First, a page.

1 Unit Number and Title: Unit 5-Southwest Asia/North Africa (Egypt, Libya, Iraq, Afghanistan, Israel, Saudi Arabia, Iran) Curriculum Concepts: Religious conflict Oil Water Enduring Understandings (Big Ideas): Time Frame: 4 weeks Essential Questions: The distribution and consumption of resources both affect and are affected by the location, customs, beliefs, and laws of the society. How has the physical geography of Southwest Asia affected its use of resources? The beliefs and ideals of a society influence the social, political, and economic decisions of that society. The student will know: How human processes shape cultural patterns and characteristics How can differing points of view affect relationships between and within societies? The student will be able to: Analyze places in terms of political, economic, social and cultural elements. How gross domestic product per capita, life expectancy, literacy, and infant mortality affect the standard of living in the region Describe and measure levels of development using various indicators such as gross domestic product per capita, life expectancy, literacy and infant mortality The relationships between past, present and current conditions in the region Evaluate the relationships between past events and current conditions in the region, including physical and human features How humans depend on, adapt to, and modify the physical environment Compare ways that humans depend on, adapt to, and modify the physical environment, including irrigation projects, Unit 5: Southwest Asia/North Africa Page 1 of 7
2 desalinization, building of dams, and drilling The different formations of boundaries and political divisions in Southwest Asia Explain the development of the boundaries and political divisions in Southwest Asia using political maps Explain the significance of migration, war, trade, innovation and diffusion of the region How various groups perceive their own culture as well as other cultures, both positive and negative Identify and explain different cultures positive and negative perceptions of their own culture as well as other cultures The major languages, religions, land uses and customs of the region Describe the major languages, religions, land uses and customs of Southwest Asia such as Islam, Judaism and Christianity The conflicts between various groups such as modern genocides and terrorism Identify and explain examples of conflict between and among Jews, Sunni, Shi ite, Kurds and the Taliban How different technological innovations have helped humans adapt to various environments Give examples of and describe technological advances in this region such as air conditioning and desalinization The opportunities that exist for women, ethnic and religious minorities in the region Student Understanding (student friendly TEKS) Unit 5: Southwest Asia/North Africa Page 2 of 7 Compare and contrast the opportunities that exist for women, ethnic and religious minorities in Southwest Asia and the United States 2A I can describe the human and physical characteristics of Southwest Asia/North Africa during different periods in history. 2B I can explain how changes in societies have led to physical features being used in different ways. 5A I can analyze places in terms of political, economic, social and cultural elements. 5B I can determine the level of development and standard of living of Afghanistan, Iran, Iraq, Turkey, and Israel by interpreting political economic, social and demographic indicators. 8A I can compare human interactions with the physical environment.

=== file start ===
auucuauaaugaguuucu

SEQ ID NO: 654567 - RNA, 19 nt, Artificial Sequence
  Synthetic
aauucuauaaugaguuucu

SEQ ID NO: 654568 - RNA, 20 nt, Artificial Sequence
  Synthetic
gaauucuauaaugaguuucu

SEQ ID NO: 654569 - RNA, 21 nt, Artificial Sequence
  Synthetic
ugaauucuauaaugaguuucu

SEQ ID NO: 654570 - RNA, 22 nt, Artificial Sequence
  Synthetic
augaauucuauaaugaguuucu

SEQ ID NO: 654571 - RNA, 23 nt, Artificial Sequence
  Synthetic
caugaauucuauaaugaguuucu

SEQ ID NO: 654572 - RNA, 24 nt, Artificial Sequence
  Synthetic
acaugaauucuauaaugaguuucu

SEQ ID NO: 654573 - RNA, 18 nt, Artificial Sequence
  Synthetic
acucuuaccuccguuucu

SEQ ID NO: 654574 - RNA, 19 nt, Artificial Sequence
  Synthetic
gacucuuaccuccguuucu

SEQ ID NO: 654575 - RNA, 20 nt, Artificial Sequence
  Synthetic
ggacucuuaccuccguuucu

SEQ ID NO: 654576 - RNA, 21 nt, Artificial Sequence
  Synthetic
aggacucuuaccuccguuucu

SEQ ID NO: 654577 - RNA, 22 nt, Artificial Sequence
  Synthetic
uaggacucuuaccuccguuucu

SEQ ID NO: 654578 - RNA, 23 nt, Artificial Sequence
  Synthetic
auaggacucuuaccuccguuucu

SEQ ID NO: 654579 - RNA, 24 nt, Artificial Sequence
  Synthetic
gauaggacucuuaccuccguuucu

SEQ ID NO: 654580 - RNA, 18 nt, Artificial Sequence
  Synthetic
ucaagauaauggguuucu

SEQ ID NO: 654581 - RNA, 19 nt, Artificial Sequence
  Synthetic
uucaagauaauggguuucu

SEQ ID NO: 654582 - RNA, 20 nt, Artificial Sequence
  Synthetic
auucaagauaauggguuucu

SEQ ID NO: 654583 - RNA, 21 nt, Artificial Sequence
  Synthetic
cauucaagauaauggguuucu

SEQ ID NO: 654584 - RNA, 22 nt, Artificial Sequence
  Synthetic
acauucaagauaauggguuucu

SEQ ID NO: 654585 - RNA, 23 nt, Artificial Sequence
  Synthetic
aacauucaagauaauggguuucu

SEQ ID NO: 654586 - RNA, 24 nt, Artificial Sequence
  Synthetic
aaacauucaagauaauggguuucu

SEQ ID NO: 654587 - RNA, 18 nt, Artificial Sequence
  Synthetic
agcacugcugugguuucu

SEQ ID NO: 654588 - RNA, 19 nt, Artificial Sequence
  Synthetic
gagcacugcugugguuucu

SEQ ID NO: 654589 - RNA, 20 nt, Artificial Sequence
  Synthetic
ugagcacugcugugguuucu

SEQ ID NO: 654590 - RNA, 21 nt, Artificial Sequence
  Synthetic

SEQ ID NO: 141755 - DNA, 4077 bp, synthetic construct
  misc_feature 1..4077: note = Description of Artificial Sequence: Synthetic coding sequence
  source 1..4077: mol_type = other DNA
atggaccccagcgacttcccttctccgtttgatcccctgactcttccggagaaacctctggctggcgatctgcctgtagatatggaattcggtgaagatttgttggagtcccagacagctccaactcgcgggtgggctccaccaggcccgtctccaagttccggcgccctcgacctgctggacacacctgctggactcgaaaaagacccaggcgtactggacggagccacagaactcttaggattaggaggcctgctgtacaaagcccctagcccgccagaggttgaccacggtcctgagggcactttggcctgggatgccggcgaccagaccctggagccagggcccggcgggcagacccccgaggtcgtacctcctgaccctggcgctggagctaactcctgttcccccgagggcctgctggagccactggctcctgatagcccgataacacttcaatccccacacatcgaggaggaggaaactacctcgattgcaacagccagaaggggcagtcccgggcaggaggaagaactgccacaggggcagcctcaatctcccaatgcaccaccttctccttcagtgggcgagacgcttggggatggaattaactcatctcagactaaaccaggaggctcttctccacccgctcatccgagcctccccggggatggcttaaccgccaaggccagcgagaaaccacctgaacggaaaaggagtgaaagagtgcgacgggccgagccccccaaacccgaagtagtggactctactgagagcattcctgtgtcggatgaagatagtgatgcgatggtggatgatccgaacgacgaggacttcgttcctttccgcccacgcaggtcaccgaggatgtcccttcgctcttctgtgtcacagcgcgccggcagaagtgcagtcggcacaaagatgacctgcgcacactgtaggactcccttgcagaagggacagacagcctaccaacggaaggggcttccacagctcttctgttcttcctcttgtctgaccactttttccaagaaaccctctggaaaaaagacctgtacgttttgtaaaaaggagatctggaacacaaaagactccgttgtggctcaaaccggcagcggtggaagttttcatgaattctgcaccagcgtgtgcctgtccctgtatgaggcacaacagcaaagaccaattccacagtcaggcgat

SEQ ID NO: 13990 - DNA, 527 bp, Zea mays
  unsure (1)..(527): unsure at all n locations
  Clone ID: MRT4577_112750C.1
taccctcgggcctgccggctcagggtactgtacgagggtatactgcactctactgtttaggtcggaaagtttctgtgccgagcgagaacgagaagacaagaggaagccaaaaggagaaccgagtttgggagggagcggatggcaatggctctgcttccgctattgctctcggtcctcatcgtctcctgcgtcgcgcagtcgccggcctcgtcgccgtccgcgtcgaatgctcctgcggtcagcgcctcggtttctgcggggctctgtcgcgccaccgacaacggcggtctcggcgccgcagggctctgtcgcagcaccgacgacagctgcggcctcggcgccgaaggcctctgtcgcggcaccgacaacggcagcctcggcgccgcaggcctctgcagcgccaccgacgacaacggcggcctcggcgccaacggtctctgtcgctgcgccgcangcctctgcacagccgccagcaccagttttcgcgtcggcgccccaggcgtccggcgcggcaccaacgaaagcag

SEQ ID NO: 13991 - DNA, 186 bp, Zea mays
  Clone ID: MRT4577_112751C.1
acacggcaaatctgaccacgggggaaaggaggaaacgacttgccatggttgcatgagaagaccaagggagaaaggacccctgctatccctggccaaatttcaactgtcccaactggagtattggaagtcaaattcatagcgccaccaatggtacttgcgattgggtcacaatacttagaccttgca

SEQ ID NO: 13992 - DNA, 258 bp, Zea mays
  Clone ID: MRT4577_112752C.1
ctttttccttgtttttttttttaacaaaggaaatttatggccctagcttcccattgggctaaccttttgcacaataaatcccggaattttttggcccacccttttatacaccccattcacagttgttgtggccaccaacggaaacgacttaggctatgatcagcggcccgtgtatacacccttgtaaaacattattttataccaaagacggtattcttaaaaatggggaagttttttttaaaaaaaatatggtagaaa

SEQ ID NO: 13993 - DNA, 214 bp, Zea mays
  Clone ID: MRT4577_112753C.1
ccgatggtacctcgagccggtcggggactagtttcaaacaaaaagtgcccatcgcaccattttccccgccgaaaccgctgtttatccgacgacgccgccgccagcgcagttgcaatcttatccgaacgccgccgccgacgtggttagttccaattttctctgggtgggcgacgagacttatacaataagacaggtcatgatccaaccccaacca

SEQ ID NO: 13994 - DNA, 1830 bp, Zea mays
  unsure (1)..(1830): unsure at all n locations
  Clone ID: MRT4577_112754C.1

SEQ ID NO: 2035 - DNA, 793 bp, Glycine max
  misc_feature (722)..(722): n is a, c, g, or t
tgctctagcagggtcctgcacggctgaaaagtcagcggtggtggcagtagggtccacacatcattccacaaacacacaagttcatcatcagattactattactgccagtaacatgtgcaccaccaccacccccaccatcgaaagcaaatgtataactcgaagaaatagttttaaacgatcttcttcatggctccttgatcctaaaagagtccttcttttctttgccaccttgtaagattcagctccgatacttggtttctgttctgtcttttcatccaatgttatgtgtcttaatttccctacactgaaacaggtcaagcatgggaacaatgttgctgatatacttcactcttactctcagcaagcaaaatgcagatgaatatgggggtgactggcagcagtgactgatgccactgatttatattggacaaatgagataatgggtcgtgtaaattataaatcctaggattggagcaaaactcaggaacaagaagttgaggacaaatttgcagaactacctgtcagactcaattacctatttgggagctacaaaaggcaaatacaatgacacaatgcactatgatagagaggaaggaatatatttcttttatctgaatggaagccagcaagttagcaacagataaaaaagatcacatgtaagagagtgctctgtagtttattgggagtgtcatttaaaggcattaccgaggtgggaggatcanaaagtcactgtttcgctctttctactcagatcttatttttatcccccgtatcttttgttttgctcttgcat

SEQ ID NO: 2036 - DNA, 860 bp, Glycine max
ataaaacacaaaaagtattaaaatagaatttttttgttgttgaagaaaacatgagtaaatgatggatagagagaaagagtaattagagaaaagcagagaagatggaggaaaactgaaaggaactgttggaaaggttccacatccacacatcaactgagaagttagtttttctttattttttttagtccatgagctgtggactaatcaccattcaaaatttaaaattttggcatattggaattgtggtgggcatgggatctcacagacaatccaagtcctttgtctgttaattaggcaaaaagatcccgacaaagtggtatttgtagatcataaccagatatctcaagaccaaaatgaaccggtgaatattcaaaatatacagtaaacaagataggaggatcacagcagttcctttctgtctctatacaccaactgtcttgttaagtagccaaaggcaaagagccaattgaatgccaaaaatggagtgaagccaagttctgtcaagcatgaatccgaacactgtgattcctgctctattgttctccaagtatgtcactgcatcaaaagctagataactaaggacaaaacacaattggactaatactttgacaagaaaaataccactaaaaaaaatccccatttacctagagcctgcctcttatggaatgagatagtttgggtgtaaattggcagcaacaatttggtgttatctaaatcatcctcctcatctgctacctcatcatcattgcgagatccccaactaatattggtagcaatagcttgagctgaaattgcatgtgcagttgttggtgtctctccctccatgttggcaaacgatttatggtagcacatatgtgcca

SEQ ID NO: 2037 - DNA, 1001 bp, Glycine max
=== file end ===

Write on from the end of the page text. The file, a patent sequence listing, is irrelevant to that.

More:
3 14A I can analyze current events that lead to the formation of political divisions. 16C I can explain the ways different groups of people look at themselves and others. 17A I can describe and compare patterns of culture that make regions unique. 17C I can compare opportunities for underrepresented populations. 18A I can analyze cultural changes caused by migration, war, trade, innovations, and diffusion. 18B I can evaluate conflicts between groups of people by identifying causes, effects, and perceptions. 19A I can evaluate the importance of innovations in transportation and energy technology and how they have changed the physical environment. 19B I can analyze different ways technology has allowed people to adapt. 21A I can analyze and evaluate primary and secondary sources, aerial photographs, and maps. 21B I can locate places of significance on a map. 21C I can create and interpret different types of maps. 22A I can design maps, diagrams, tables, and graphs to communicate geographic information. 22B I can create summaries, generalizations, and thesis statements supported by evidence. 22C I can use geographic terminology correctly. 22D I can use proper English form when writing. 23B I can identify modern issues and answer real-world problems by using case studies and GIS. 23C-- I can use problem-solving and decision-making skills. TEKS Student Expectations and Knowledge and Skills Statement (2) History. The student understands how people, places, and environments have changed over time and the effects of these changes. The student is expected to: (A) describe the human and physical characteristics of the same regions at different periods of time to evaluate relationships between past events and current conditions (B) explain how changes in societies have led to diverse uses of physical features. (5) Geography. The student understands how political, economic, and social processes shape cultural patterns and characteristics in various places and regions. The student is expected to: (A) analyze how the character of a place is related to its political, economic, social, and cultural elements (B) interpret political, economic, social, and demographic indicators (gross domestic product per capita, life expectancy, literacy, and infant mortality) to determine the level of development and standard of living in nations using the terms Human Development Index, less developed, newly industrialized, and more developed. (8) Geography. The student understands how people, places, and environments are connected and interdependent. The student is expected to: Unit 5: Southwest Asia/North Africa Page 3 of 7